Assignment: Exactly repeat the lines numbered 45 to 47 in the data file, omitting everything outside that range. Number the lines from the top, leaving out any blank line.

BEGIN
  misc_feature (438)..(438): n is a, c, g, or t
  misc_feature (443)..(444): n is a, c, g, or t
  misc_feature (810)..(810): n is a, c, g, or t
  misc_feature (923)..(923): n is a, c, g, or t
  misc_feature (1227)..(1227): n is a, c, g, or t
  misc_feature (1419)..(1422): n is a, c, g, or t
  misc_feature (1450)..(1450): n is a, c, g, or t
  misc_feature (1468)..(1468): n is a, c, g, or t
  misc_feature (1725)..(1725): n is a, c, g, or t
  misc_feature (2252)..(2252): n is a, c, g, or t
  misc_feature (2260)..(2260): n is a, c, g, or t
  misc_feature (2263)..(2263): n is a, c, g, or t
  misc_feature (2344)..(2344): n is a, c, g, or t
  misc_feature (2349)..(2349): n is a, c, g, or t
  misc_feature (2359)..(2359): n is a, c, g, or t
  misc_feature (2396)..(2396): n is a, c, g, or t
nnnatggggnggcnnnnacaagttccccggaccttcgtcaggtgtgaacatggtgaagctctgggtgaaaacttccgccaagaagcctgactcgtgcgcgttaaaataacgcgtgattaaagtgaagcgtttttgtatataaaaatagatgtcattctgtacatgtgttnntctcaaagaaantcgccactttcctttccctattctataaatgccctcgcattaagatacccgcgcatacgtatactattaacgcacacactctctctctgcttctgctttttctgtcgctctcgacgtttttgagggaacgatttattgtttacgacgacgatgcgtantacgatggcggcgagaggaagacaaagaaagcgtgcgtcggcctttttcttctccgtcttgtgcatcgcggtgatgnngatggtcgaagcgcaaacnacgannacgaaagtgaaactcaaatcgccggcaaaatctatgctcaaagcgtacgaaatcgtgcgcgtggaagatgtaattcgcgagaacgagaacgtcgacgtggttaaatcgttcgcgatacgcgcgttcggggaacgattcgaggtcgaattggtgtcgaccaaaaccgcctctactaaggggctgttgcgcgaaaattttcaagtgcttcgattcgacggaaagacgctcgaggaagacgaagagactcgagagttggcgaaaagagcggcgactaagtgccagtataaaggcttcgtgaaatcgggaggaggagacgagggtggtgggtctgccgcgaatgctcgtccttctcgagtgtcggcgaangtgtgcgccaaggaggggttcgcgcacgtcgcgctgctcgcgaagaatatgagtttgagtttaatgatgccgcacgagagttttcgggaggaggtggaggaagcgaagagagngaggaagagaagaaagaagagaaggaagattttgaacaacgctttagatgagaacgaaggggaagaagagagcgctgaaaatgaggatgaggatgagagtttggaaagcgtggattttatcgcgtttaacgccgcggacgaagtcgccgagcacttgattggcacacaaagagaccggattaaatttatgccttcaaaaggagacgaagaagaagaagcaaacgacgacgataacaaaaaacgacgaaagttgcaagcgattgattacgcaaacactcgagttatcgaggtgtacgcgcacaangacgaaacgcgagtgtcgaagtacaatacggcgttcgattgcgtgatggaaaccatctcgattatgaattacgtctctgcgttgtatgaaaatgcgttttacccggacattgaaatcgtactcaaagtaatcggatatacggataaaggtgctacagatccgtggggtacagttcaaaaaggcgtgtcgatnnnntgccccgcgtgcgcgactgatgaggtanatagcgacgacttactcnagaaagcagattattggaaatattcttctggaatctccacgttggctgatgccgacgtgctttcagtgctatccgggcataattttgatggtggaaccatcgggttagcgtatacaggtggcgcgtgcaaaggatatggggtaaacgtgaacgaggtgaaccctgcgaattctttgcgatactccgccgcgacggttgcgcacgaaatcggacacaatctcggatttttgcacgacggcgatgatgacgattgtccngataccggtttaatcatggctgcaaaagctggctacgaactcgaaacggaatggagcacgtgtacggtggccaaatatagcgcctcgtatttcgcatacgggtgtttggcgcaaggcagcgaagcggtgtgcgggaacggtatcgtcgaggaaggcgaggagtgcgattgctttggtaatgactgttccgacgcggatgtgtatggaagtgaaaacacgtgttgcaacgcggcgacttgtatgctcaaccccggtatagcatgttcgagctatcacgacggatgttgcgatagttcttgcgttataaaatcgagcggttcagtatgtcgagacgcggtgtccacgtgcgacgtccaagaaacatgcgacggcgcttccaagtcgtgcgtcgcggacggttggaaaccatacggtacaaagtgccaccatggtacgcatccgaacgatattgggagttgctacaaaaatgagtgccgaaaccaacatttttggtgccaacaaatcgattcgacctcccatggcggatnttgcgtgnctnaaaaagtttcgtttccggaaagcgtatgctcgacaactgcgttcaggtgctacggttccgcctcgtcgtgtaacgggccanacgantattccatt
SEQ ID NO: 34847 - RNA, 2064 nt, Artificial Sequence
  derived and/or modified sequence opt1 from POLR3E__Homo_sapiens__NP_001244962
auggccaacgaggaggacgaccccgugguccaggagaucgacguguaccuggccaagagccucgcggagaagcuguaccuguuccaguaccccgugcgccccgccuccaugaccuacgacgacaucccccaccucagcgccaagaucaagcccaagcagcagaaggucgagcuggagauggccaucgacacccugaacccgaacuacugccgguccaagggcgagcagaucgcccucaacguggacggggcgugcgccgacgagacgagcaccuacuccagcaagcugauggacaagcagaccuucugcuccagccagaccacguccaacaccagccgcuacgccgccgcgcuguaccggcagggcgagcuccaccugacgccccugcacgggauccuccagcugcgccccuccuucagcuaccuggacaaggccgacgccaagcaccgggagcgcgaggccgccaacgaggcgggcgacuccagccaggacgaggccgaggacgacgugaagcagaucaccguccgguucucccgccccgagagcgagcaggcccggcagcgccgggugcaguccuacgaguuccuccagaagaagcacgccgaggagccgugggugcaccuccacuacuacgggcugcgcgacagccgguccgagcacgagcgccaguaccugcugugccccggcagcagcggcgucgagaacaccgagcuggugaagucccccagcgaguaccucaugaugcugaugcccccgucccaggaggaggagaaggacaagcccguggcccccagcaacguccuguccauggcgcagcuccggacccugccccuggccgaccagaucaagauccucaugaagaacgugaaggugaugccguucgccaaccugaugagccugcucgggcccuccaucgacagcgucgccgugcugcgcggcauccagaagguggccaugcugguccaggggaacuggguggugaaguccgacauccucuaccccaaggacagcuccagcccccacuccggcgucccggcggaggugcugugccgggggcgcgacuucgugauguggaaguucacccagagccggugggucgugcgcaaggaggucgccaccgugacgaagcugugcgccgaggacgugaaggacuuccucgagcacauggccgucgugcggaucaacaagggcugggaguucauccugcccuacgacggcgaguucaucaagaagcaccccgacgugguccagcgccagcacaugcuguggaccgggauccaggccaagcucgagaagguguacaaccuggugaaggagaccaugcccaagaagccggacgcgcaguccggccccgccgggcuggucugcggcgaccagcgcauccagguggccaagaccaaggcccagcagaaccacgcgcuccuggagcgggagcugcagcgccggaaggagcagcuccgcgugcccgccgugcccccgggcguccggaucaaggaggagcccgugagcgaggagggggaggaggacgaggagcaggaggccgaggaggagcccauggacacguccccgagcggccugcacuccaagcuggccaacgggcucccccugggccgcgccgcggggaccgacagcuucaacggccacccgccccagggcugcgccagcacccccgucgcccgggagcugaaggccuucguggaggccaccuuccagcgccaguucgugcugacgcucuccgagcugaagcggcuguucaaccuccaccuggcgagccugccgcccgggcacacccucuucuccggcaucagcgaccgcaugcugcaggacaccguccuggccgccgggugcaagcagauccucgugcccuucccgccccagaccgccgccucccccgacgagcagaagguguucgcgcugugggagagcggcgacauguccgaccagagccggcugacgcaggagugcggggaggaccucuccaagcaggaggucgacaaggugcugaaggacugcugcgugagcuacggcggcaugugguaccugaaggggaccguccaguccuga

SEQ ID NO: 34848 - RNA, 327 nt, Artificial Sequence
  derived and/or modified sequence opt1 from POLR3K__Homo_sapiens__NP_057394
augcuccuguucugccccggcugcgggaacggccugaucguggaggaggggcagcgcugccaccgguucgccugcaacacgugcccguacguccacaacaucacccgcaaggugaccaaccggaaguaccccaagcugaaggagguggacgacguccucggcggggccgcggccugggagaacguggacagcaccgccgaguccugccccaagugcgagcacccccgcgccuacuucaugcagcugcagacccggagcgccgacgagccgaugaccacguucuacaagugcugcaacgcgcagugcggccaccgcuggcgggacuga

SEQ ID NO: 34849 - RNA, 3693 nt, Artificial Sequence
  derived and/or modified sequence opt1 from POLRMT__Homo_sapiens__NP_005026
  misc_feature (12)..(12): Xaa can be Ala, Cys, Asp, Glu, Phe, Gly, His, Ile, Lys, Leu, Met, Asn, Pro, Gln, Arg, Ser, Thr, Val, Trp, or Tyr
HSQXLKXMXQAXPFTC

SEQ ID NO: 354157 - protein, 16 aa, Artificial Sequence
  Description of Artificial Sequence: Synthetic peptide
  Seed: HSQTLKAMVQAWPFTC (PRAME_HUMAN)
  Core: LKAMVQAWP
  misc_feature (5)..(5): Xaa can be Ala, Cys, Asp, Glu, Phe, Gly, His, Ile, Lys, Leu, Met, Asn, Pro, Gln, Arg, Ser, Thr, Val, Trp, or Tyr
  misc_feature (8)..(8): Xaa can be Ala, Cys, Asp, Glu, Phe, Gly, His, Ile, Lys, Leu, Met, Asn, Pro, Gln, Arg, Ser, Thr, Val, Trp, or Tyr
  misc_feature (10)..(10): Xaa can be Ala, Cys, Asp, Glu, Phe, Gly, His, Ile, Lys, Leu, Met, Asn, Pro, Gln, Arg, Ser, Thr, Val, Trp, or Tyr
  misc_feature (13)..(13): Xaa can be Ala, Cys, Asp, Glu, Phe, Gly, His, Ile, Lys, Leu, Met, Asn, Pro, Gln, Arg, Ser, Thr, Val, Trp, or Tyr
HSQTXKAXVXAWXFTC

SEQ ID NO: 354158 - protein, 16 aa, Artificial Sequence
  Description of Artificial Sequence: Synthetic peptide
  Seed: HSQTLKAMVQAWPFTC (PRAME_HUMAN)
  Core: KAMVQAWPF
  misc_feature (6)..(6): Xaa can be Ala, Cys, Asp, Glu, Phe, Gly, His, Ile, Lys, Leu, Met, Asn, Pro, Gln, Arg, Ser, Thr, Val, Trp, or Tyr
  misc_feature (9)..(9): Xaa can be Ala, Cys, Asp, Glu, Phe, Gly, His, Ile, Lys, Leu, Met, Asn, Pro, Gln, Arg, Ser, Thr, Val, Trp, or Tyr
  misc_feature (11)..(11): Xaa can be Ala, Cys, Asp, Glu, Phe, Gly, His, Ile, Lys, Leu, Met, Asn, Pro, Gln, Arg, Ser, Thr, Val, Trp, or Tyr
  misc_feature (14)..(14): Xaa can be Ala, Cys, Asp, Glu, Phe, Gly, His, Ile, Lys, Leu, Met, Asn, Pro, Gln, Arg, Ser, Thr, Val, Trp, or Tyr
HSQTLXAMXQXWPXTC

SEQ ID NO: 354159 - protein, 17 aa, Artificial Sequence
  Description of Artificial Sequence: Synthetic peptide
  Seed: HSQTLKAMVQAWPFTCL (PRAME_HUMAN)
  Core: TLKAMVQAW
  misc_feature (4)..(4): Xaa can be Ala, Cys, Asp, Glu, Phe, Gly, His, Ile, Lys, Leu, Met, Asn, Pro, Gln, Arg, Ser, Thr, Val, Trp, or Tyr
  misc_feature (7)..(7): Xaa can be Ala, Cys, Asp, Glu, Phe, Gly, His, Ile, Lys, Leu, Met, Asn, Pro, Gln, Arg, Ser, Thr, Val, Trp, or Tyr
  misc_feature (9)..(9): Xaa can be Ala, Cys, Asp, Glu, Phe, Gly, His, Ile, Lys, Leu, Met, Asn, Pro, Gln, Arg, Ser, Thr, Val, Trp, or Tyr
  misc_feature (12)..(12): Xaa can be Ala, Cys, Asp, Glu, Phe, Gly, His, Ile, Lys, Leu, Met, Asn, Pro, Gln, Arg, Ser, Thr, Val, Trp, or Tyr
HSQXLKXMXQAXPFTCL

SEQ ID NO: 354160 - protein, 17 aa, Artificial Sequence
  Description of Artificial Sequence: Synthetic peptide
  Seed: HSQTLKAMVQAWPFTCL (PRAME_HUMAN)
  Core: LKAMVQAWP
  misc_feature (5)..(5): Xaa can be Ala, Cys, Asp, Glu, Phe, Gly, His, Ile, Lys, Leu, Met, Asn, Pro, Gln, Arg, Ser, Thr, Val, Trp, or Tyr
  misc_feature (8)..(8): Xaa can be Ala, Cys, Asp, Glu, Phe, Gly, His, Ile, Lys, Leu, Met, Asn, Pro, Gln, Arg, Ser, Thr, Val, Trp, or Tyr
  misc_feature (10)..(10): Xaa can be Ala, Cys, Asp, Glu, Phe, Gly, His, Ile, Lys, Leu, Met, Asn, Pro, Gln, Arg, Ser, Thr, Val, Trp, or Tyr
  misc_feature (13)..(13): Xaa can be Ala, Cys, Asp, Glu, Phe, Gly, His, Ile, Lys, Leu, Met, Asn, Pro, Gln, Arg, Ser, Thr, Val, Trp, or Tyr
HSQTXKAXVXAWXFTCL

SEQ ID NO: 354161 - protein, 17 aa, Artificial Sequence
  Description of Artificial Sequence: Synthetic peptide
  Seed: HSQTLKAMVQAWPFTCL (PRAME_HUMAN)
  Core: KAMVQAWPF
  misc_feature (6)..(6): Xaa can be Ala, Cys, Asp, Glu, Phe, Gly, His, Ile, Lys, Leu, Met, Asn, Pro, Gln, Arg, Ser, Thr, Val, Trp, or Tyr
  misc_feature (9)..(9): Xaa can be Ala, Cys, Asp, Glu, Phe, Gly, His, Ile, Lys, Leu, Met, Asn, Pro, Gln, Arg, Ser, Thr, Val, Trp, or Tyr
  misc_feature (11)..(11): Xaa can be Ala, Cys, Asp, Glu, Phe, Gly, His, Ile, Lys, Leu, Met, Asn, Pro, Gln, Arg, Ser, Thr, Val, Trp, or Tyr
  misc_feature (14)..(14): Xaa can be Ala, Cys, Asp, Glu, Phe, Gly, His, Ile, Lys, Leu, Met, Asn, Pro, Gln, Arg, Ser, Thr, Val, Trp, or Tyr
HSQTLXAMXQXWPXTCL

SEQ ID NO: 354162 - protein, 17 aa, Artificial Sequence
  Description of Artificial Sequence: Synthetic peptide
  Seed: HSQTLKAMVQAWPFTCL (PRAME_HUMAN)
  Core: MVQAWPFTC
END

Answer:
HSQTLXAMXQXWPXTC

SEQ ID NO: 354159 - protein, 17 aa, Artificial Sequence
  Description of Artificial Sequence: Synthetic peptide